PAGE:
Casu Marzu Cheese Is Crawling With Live Maggots. On Purpose.


Cheese covered in live maggots sounds pretty disgusting, right? Well, to some it's a delicacy called Casu Marzu.

WTF is Casu Marzu?

Casu Marzu, often called the world's most dangerous cheese, is an illegal cheese found in Sardinia, Italy, made from sheep's milk and infested with live maggots. Because of the obvious health implications, the European Union banned the cheese, however it is still available on the black market today.

How is it made?

The entire process takes a couple of months. First, traditional pecorino cheese is made by heating sheep's milk and letting it sit and cure for about three weeks. After that, the crust is cut off, making it inviting for flies to lay their eggs. The cheese is left in a dark hut for about two to three months so the fly eggs can hatch into larvae. As the larvae eat the rotting cheese, it passes through their bodies and the excretions give the cheese a distinct flavor and texture. The robust Casu Marzu flavor is said to taste akin to that of a ripe gorgonzola. But in reality, you're tasting larvae excrement.

How is it eaten?

The cheese is typically eaten when the maggots are still alive, as dead maggots are a sign that it has gone bad. (We're serious.) Since the maggots are alive and wiggling (and can jump to great heights when disturbed), diners need to be mindful of their eyes when eating the delicacy. It's important to note that when consuming the cheese, the maggots must be chewed and killed before swallowing, or else they can live in your body and rip holes through your intestines. The cheese is usually enjoyed on a moistened flat bread with a glass of strong red wine. Maggots and merlot anyone?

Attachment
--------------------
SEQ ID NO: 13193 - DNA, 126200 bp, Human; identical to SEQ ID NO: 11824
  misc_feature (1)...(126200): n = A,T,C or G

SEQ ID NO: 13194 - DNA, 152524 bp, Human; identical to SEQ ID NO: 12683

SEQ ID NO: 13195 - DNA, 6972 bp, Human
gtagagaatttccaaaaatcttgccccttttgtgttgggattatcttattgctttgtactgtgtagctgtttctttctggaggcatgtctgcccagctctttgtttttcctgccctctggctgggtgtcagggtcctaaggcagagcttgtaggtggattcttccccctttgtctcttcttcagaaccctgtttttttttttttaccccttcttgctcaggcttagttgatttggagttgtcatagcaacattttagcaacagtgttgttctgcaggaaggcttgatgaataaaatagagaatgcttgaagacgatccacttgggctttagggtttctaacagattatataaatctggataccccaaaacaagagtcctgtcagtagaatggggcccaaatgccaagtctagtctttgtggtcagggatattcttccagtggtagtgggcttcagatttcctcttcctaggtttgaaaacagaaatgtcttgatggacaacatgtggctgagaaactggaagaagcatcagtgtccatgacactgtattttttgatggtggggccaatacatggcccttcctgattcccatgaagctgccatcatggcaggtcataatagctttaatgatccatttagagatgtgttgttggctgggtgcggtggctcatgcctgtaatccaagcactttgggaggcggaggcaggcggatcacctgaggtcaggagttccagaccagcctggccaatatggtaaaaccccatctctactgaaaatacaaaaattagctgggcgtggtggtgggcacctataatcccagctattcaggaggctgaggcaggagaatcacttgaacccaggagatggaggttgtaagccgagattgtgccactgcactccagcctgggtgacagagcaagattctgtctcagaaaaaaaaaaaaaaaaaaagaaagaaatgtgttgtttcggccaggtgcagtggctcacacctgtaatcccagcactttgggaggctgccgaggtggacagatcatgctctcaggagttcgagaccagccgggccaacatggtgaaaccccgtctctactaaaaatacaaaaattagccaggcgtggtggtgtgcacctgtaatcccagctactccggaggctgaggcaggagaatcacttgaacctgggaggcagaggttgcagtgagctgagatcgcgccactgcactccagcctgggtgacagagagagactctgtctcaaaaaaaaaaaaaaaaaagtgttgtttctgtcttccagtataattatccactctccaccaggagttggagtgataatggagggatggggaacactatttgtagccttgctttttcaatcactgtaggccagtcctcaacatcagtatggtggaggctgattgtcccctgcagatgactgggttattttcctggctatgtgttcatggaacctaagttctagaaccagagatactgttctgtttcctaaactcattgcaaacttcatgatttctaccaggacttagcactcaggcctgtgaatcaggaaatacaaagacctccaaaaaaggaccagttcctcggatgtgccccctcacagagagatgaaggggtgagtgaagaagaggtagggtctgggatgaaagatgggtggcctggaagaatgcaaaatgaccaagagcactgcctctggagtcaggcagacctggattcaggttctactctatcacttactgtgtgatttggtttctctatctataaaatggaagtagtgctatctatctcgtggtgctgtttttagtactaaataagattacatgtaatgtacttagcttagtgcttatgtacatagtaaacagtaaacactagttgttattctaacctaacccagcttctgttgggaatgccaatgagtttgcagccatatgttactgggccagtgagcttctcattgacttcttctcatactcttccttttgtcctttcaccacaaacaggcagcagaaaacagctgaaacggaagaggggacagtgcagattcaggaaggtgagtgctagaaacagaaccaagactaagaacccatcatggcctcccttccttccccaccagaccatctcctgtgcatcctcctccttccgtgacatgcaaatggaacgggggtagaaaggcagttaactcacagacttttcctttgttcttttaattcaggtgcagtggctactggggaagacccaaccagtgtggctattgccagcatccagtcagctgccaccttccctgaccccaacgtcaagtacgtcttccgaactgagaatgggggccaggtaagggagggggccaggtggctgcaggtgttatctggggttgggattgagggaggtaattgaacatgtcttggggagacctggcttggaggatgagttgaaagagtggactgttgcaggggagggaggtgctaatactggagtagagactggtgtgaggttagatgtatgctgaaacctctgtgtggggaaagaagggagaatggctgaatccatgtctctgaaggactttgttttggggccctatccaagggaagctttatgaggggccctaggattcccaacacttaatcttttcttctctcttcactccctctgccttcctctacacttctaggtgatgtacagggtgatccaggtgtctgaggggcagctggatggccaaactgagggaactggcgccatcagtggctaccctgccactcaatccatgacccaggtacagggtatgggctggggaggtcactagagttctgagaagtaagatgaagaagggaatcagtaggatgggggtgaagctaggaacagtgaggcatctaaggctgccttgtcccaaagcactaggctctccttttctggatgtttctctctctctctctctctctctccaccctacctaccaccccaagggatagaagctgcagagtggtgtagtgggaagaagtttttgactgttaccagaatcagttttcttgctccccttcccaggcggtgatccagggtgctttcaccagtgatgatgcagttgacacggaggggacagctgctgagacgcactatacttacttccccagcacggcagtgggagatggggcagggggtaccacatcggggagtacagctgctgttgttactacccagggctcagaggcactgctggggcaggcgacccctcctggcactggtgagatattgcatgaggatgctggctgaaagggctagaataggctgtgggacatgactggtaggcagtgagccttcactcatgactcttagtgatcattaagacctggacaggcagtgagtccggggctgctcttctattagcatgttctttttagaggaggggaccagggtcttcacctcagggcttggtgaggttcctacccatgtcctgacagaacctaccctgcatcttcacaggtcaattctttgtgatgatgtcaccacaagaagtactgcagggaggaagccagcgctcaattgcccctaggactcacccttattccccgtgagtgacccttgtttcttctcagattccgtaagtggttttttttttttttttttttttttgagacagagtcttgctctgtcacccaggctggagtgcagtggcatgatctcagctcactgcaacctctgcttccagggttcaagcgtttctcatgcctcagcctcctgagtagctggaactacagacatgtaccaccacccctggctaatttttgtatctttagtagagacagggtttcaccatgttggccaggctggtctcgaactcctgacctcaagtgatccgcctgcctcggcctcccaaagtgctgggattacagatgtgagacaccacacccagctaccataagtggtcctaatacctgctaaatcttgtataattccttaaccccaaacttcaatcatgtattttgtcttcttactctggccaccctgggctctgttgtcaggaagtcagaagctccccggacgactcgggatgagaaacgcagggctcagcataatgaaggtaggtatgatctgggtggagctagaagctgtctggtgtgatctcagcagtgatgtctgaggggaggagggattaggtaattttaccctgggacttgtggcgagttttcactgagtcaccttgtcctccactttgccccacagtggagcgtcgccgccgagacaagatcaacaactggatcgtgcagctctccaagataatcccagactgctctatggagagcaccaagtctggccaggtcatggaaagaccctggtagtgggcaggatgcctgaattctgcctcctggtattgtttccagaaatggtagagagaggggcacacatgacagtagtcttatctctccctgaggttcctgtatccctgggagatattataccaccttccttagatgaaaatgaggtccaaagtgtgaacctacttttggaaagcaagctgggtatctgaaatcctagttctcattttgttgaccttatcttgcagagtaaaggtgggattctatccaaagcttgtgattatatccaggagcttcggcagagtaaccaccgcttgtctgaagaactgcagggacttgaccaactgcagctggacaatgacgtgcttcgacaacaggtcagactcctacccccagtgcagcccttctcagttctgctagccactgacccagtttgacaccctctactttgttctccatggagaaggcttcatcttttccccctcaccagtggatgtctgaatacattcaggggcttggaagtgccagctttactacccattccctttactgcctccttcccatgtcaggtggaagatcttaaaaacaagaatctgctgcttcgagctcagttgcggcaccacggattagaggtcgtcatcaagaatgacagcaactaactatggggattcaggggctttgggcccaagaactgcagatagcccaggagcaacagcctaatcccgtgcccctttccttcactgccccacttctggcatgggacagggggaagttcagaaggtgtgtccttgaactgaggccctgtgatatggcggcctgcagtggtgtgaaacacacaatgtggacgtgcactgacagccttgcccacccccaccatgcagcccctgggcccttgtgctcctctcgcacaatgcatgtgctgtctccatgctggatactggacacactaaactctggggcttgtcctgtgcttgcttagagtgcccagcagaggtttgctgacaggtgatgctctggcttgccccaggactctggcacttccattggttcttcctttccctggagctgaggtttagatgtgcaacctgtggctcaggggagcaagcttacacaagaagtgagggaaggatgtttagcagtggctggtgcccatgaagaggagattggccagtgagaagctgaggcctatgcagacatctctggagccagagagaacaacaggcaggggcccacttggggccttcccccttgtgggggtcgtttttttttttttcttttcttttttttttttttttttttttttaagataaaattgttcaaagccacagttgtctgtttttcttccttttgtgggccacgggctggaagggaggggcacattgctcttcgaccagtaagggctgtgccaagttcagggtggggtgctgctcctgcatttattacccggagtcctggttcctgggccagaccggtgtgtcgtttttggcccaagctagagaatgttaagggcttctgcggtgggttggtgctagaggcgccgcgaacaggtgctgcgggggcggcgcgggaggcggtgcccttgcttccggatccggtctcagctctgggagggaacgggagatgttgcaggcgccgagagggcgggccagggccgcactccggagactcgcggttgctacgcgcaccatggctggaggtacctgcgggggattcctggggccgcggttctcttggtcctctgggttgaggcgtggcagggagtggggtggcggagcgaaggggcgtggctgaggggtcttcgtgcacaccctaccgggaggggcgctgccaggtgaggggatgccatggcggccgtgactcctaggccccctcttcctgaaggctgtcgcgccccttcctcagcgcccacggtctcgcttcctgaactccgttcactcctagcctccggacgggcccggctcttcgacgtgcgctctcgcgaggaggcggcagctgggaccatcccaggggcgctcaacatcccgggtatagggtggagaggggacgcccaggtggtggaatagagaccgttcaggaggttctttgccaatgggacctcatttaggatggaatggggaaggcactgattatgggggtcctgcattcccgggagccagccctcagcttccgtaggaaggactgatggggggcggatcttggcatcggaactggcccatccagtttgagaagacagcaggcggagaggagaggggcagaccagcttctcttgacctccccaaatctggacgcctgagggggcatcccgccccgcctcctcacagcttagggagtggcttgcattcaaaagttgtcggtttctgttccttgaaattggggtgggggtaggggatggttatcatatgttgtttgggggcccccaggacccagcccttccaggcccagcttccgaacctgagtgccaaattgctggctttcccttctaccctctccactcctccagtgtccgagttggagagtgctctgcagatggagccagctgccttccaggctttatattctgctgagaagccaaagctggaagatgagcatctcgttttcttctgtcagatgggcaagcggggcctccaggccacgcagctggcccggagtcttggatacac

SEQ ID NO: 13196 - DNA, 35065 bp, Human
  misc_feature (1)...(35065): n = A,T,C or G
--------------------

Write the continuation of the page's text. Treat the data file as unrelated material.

When is it eaten?

Casu Marzu has been a part of Sardinian culture for generations and is believed to be an aphrodisiac, often consumed at weddings and celebratory gatherings.

YUM, right?

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